This Industry Viewpoint was authored by Mikko Jarva, Head of Portfolio & Architecture, Network Monetization Platform at Nokia
With 5G deployments now widespread in many markets, telecom network providers are ushering in a new era to enable the building of new and improved software applications that enrich the network experience of business customers and consumers while generating new revenue streams.
This development is known as telecom, or network, application program interfaces (APIs) and refers to how application developers can access powerful capabilities within modern 5G-era networks through programmable software interfaces.
The broad goal is to create an ecosystem where the more network providers and application developers participate, the greater the benefit to all. Developers benefit by accessing many network providers with a single programming effort which helps their objectives to reach different geographies and end users at scale. Network providers benefit by having more developers able to reach their networks.
However, unlocking the power of telecom APIs poses multiple challenges to overcome.
Historically, telecom networks have been opaque clouds providing best-efforts services. The internal capabilities of networks have only been accessible to the network providers to build and operate their networks.
Moving toward opening the networks, the telecom industry needs to evangelize how these complex network capabilities can be useful to developers and then, in many cases, help the developers to stitch their applications together.
The industry movement toward more simplified APIs through initiatives like the Linux foundation CAMARA program and the GSMA Open Gateway Initiative is extremely helpful toward addressing this challenge.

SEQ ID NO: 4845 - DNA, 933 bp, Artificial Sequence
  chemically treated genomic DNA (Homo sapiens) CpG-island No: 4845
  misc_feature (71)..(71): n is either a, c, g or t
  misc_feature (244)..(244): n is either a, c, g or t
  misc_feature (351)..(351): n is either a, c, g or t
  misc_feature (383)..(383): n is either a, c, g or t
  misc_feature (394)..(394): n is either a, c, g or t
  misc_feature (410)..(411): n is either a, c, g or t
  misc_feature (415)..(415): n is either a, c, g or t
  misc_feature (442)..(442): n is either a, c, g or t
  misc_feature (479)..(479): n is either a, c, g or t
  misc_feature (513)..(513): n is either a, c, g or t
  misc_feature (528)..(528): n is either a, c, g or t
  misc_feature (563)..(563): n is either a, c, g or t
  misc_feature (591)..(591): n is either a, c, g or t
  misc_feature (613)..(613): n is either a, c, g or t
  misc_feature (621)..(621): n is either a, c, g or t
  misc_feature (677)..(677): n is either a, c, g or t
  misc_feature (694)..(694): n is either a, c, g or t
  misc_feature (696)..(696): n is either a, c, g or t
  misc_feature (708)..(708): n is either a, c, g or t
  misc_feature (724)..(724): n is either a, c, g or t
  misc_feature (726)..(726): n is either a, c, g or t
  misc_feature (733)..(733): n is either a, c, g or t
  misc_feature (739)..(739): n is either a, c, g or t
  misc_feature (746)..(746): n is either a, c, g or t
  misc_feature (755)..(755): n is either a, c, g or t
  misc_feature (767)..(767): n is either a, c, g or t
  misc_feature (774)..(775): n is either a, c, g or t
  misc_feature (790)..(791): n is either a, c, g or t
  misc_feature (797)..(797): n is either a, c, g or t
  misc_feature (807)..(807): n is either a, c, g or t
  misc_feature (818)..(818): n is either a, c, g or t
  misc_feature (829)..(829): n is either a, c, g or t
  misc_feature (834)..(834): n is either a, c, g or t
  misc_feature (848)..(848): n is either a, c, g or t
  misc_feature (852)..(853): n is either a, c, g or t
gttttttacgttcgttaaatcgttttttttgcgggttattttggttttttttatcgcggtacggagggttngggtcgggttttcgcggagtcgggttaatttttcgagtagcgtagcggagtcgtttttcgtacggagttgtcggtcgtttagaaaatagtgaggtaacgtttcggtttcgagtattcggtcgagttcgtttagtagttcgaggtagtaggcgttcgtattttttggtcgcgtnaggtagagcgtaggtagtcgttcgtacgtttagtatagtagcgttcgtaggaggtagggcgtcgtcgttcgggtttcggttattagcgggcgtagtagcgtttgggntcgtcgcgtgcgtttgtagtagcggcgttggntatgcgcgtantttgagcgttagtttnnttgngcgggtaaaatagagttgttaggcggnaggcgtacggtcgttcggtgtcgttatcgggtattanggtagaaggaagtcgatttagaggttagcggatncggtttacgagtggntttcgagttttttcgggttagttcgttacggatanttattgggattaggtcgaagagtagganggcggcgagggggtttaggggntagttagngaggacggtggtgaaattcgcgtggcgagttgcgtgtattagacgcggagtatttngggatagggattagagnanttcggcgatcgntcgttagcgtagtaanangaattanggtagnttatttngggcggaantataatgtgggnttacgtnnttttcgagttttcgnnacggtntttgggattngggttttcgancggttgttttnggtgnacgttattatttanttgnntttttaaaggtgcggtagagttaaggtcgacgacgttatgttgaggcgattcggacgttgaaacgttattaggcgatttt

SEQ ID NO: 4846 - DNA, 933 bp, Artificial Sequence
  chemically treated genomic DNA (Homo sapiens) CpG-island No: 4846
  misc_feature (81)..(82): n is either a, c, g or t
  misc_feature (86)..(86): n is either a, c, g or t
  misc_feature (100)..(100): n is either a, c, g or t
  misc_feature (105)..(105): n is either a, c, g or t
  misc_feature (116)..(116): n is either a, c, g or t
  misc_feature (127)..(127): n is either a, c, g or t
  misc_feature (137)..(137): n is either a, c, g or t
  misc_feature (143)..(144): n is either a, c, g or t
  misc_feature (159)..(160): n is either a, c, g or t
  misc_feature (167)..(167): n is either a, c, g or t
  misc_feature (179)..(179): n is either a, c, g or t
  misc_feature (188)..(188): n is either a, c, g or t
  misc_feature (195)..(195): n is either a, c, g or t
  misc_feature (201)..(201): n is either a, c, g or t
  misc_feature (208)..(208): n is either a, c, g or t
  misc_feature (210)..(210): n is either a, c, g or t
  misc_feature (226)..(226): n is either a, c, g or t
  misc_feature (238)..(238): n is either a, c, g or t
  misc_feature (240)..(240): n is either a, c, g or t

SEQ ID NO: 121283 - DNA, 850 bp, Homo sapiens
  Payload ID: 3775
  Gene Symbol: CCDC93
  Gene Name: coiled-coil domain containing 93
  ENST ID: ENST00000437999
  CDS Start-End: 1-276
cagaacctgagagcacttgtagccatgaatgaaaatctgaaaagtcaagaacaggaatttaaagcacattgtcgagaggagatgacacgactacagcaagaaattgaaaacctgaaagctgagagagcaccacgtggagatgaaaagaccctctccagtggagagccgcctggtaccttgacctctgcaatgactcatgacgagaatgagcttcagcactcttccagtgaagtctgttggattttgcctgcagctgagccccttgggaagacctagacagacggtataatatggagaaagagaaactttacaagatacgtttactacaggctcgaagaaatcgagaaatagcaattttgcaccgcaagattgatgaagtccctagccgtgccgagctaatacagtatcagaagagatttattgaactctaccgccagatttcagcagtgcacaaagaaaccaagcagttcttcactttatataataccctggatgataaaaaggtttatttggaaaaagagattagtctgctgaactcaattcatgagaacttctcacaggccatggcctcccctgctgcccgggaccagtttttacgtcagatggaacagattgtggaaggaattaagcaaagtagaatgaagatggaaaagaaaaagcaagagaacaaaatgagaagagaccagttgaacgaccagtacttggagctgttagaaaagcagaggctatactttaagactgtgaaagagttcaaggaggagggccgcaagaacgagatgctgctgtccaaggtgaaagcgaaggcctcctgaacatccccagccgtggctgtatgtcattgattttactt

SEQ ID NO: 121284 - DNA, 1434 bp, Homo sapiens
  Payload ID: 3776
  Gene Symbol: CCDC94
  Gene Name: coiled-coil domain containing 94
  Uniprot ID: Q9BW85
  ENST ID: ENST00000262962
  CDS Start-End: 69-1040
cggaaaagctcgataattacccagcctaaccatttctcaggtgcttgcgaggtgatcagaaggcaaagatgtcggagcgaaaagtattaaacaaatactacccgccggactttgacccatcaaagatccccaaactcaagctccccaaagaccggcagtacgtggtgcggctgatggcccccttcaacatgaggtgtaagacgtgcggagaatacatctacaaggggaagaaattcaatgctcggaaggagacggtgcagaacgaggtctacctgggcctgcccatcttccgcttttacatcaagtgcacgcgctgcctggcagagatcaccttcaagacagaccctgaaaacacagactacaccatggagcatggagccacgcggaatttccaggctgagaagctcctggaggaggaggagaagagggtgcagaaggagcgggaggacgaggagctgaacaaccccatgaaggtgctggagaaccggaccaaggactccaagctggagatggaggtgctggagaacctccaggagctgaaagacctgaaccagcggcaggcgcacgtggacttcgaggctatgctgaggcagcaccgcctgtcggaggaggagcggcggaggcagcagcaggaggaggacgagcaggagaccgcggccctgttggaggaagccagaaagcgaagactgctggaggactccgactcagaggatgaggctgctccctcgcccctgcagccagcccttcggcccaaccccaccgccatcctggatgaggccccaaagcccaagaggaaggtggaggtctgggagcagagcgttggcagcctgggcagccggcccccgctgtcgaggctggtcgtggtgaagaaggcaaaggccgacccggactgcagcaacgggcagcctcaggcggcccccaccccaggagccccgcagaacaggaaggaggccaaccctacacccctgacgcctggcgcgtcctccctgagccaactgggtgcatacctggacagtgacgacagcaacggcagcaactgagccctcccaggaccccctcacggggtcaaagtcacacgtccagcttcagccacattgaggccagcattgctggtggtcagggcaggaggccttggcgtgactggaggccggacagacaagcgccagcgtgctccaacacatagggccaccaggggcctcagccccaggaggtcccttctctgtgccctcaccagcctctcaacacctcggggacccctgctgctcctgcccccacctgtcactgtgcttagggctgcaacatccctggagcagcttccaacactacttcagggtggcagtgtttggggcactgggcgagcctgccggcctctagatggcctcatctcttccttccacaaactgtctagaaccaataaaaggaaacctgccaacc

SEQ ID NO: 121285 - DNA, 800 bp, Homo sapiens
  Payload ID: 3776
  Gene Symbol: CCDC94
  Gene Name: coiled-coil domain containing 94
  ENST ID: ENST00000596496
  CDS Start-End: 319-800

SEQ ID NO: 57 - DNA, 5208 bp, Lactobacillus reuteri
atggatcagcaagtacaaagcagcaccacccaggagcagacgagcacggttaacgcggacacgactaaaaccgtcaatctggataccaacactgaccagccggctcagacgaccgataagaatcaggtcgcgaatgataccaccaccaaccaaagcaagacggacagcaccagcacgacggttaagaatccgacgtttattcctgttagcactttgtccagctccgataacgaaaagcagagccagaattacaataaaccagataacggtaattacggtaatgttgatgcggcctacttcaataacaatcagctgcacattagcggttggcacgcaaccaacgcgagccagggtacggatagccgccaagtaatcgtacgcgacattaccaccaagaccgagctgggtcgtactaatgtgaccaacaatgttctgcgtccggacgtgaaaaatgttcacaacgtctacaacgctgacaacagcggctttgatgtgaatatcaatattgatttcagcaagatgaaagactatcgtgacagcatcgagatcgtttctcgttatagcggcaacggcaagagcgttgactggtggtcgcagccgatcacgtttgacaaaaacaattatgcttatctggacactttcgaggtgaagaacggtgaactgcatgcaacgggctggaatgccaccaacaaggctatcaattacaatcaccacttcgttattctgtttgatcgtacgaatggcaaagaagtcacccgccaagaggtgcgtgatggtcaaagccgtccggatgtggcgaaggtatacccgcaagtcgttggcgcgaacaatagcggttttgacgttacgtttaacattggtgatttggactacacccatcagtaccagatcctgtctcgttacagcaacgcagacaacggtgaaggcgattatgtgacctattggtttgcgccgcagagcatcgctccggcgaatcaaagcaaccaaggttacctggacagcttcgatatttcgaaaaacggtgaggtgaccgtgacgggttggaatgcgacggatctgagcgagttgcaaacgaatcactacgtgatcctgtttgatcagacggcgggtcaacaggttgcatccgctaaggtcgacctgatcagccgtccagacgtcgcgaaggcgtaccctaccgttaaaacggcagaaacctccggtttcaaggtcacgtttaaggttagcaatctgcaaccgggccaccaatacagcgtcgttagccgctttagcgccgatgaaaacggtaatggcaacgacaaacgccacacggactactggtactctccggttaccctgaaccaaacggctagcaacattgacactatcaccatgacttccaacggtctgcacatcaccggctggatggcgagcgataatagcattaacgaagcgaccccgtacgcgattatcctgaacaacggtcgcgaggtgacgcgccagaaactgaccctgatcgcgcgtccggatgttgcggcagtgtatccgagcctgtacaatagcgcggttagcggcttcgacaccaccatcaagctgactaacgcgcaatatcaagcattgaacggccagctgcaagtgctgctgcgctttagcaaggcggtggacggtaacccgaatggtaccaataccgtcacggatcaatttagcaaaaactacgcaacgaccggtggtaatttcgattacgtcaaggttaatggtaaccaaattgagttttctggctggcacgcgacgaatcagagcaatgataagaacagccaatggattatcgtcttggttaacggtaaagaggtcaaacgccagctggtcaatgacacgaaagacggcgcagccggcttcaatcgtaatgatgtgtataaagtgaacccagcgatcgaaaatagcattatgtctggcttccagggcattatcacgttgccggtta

These initiatives are aimed at making it easier for developers to use APIs, with all that implies for having open access to and writing applications for operator networks.
To be successful at scale, this open access to APIs and operator networks needs to be done through a digital relationship with the developers, and there is precedent to follow here.
Application developers have indicated that they would need help to make this work. They are familiar with completely digital experiences to obtain other resources for their work including cloud compute and storage.
In those cases, the developers know what they need and what to ask for. However, in the case of network capabilities that have traditionally not been accessible to them, telcos must explain what is possible and how to use it. A recent survey by Analysys Mason indicated that 49% of application developers consider networks APIs complex to work with.
For this to be successful, the developer’s digital journey must be served with a seamless portal offering education, tips, guides, documentation and software development kits (SDKs).
As they create innovative applications that will utilize network capabilities, developers will need network environments to actually test their programs against. Just like new car models need road testing to assess how different parts of a vehicle work in different conditions, software applications applied to networks also require stress testing to see how they perform in different network environments.